2 Replies
                      1. re: Samantha

                        A view *ALONG* with the service and the meal??! Mastro's Ocean Club is definitely our next "special" occasion destination!


                      2. Elmo, great review as usual. One question, you mentioned dry aged? When we went there earlier in the year, the waiter told us the meat was wet aged.

                        Otherwise, agree about the exceptional service. They are attentive without being obtrusive. We lingered over cocktails for quite a while before ordering and never felt rushed.

                        4 Replies
                        1. re: Jase

                          Hmm, interesting, because our waiter said "dry aged"...but can someone else confirm? I'd be interested to know for sure.


                          1. re: elmomonster

                            I just called and the woman, Megan, who answered the phone told me that the steaks are wet aged. Bummer.

                            1. re: TomSwift

                              They were wet aged all right, confirmed by managers last Sunday. Nevertheless, these steaks in Costa Mesa were were among the finest - filet, bone-in filet and rib-eye that SoCal has to offer. Be aware of the "Ruth's Chris'" problem, the white-hot plates on which the steaks are served. Ask for your steak to be served on a room-temperature plate if you value your's charred rare or rare steak. One guest just had dental surgery and couldn't do beef so he opted for crab (King) legs on ice (pretty much of a scam for 3 half legs in one of the most impressive silver serving contraptions I've seen for seafood) for about $25, but then he had caviar (which he could chew) the real, cool, cliche deal for this (unanounced) caviar (domestic osetra) ($100/ounce) course is that they use they same gimmick for their seafood towers, whch, unless you choose carefully and ask prices, can top $150 pp. Even if you do ask for prices the result is the same. I'd rather spend the same money for better, live seafood in in the ESGV. It's presented in elaborate silver with dry ice hidden somewhere in water so that the entire presenation comes out in a cloud of white smoke. I expected Davis Gaines to energe from the smoke and burst into Music of the Night. Nope. Only a used waiter, waving the smoke from his eyes, trying to find a suitable spot on the table for the enormous platter. The service was top-notch, although uniformly young, quite professional.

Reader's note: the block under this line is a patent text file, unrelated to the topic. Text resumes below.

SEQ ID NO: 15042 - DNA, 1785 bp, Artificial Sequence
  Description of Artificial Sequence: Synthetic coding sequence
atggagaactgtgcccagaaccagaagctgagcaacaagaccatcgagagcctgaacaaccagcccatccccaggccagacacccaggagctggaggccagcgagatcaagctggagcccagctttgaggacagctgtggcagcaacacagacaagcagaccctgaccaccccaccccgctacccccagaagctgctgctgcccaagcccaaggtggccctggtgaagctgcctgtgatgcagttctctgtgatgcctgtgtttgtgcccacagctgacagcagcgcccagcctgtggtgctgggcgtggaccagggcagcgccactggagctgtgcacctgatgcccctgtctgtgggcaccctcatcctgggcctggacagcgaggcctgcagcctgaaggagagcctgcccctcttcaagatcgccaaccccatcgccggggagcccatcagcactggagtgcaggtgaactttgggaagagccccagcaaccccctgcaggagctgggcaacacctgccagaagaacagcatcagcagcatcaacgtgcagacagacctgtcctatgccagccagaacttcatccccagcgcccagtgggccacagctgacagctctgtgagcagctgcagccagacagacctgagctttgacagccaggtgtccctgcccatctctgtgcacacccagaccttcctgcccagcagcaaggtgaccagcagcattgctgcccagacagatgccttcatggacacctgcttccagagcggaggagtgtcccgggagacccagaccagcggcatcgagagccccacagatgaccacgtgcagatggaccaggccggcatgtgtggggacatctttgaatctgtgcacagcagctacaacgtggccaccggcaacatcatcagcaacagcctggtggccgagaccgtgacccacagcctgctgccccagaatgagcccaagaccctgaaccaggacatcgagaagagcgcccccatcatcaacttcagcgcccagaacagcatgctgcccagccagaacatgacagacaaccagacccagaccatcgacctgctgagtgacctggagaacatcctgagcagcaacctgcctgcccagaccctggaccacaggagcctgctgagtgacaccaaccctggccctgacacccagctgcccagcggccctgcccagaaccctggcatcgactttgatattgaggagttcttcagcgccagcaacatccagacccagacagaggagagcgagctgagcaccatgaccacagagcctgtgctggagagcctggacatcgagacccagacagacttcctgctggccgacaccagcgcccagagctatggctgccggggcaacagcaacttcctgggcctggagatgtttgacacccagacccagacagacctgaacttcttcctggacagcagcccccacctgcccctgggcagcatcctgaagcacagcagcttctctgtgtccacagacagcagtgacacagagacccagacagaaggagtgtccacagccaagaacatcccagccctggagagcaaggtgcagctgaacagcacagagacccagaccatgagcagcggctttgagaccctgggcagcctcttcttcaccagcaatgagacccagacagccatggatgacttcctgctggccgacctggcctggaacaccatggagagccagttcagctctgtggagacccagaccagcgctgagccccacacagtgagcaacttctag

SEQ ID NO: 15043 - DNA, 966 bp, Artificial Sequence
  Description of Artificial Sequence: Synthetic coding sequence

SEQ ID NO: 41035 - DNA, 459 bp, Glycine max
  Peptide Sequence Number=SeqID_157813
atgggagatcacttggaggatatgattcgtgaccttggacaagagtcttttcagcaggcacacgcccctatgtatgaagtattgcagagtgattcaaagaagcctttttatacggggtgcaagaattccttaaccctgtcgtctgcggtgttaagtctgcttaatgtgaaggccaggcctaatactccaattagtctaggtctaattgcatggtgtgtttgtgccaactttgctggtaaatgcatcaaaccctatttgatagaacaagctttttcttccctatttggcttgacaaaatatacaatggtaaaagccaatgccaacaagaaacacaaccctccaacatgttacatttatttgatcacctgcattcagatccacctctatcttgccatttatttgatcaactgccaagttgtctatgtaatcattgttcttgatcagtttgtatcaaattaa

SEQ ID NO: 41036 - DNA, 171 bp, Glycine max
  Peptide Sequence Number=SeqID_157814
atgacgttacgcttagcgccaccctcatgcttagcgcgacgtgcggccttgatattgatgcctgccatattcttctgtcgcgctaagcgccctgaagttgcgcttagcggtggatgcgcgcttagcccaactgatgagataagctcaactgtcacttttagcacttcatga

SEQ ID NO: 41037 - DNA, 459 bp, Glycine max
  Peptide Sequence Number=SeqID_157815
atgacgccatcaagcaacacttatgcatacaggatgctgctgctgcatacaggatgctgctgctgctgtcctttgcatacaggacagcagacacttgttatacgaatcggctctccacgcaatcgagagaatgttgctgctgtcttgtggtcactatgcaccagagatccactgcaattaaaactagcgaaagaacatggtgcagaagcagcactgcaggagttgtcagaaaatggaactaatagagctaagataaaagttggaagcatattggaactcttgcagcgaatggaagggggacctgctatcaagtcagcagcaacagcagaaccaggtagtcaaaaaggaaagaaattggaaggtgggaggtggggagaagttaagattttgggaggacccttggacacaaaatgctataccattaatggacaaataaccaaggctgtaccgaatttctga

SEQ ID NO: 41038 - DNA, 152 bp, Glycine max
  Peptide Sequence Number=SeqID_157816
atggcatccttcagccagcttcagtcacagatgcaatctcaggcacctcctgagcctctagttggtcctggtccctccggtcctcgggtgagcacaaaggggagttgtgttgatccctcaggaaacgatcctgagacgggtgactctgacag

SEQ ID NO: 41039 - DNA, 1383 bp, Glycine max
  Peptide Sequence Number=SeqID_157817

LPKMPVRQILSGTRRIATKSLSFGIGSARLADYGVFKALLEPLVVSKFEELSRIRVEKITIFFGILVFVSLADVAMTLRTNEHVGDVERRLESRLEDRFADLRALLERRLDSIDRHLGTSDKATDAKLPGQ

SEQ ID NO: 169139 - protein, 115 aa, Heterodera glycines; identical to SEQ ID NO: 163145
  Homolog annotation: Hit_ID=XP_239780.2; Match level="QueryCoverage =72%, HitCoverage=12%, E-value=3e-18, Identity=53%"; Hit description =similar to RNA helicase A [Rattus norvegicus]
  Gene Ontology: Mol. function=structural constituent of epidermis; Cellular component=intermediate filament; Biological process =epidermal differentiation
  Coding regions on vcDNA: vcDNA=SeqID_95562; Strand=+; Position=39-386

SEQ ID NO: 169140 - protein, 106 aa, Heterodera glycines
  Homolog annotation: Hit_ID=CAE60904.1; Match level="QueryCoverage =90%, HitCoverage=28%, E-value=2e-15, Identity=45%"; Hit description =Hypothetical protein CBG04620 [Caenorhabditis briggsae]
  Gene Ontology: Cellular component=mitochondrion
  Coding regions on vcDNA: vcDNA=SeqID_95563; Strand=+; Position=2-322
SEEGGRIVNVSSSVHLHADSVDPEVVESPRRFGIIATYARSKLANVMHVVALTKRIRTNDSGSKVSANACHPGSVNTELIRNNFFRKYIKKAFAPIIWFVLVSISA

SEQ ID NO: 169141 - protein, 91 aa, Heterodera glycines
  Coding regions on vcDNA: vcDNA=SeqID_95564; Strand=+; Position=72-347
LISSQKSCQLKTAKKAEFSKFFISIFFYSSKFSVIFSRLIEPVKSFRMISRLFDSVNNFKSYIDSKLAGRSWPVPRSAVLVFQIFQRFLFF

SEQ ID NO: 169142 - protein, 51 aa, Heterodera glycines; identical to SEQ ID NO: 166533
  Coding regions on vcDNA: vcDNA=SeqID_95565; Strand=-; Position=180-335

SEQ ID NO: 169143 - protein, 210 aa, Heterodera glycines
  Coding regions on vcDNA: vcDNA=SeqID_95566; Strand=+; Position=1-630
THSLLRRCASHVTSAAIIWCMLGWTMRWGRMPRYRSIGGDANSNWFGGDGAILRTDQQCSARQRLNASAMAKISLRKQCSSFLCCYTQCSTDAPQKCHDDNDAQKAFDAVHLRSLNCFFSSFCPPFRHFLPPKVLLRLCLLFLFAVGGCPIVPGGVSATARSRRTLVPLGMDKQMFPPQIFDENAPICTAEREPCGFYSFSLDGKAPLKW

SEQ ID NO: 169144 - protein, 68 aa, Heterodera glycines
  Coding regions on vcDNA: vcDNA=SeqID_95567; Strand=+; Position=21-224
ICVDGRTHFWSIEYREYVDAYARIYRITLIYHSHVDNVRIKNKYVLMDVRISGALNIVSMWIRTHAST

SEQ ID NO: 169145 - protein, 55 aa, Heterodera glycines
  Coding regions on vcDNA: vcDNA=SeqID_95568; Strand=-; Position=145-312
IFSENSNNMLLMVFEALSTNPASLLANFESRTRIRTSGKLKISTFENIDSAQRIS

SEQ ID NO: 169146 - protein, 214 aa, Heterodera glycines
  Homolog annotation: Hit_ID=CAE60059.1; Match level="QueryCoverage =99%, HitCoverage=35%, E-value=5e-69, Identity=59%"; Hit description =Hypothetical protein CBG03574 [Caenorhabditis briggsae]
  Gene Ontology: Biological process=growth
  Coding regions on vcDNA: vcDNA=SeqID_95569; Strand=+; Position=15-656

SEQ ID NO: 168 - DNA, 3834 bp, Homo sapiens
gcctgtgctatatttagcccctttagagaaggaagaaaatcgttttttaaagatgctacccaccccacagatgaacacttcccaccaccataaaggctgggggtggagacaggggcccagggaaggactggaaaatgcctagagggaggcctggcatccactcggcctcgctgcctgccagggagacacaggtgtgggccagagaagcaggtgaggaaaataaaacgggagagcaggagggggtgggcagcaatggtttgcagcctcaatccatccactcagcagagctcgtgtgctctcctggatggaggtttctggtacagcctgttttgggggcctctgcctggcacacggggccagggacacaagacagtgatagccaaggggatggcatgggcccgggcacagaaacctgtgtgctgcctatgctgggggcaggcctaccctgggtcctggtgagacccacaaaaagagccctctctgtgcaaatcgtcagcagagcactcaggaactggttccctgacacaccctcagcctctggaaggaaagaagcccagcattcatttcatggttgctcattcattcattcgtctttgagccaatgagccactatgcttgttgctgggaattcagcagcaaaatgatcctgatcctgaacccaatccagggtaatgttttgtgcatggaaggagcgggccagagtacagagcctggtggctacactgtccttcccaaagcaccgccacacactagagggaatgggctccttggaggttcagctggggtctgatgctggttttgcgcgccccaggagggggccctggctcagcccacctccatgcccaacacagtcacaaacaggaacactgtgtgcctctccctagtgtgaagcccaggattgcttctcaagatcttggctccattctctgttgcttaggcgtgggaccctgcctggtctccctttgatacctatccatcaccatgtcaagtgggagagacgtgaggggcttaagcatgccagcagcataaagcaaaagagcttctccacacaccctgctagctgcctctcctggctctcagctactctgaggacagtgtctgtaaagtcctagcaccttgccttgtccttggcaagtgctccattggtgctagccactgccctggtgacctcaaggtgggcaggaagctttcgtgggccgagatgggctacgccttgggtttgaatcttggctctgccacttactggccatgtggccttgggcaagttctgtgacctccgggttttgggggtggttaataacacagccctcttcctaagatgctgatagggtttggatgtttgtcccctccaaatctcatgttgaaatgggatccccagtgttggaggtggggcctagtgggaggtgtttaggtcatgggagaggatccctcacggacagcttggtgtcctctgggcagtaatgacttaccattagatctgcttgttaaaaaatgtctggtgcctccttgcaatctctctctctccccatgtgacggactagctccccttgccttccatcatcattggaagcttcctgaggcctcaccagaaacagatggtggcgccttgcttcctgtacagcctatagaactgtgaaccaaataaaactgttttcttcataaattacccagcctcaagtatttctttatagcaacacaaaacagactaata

One piece of advice, given by those long ago, is the mac and cheese. By far the best side,and at a reasonable price, it reheats wonderfully, which is a good quality for lunch the next day.

                            2. re: elmomonster

                              Mastros does not dry age their steaks; I called to confirm the last time I was there.

                          2. How's the wine selection here? Any recommendations?

                            1. I'm so sick and tired of hearing the word "Mastros" that I won't go there on principle, and now you hounds tell me that the food is transcendent? Thanks a lot.

                              1. Thanks elmomonster for your eloquent and comprehensive review--now I know where to go for my b-day dinner...

                                1. I just visited Mastro's on Wednesday 1-10-07. Same day reservation for 7:45 was not a problem. My party of five arrived five minutes past our time. We were asked to wait - apparently the table was not ready - and we did for about 5 minutes. I was not very happy with that since at other restaurants of this level one is shown to the table right away.

                                  The restaurant was at 3/4 of capacity. For some reason, we had to wait another few minutes before we were finally greeted by our very cordial and pleasant server. Catherine apologize for the wait and introduced us to the menu and the suggestions for the night.

                                  We sampled five appetizers. The crab cakes were very good and the scallops were just wonderful. The tuna and the lobster cocktail were about average. The beef sashimi was not as good as all the other plates.

                                  I had a bone-in filet. I must say, it was just the way el monster described it. Not sure is the best ever, but one of the best; just as good as Prime, and definitely no comparison with Ruth's Chris, which turned out to be a disappointment for me.

                                  My wife had the chilean sea bass - the biggest piece of that fish I have ever seen. "Awesome" would describe the flavor and the tender texture that characterizes it.

                                  We all shared a side order of lobster mash potatoes. It was so good that I requested a separate order to go.

                                  The desserts were good but right about what I expected.

                                  Overall, Mastro's turned out to be a very good experience, much better than expected, with good service and excellent food. I have already recommended it to friends and look forward to returning soon.

                                  1. 4 of us dined at Mastro's last night. Loved the ambiance. Loved the drinks (my wife had the sparkling framboise with fresh raspberries and I tried a mojito which was kinda fun). Between us, we tried lots of sides: Lobster mashed potatoes, Mastro's Mashed Potatoes (a little tater fetish going on here), asparagus, sauteed mushrooms and finally the mac cheese. As far as sides go, the mac cheese definitely won out. The other sides were pretty ordinary or somewhat bland.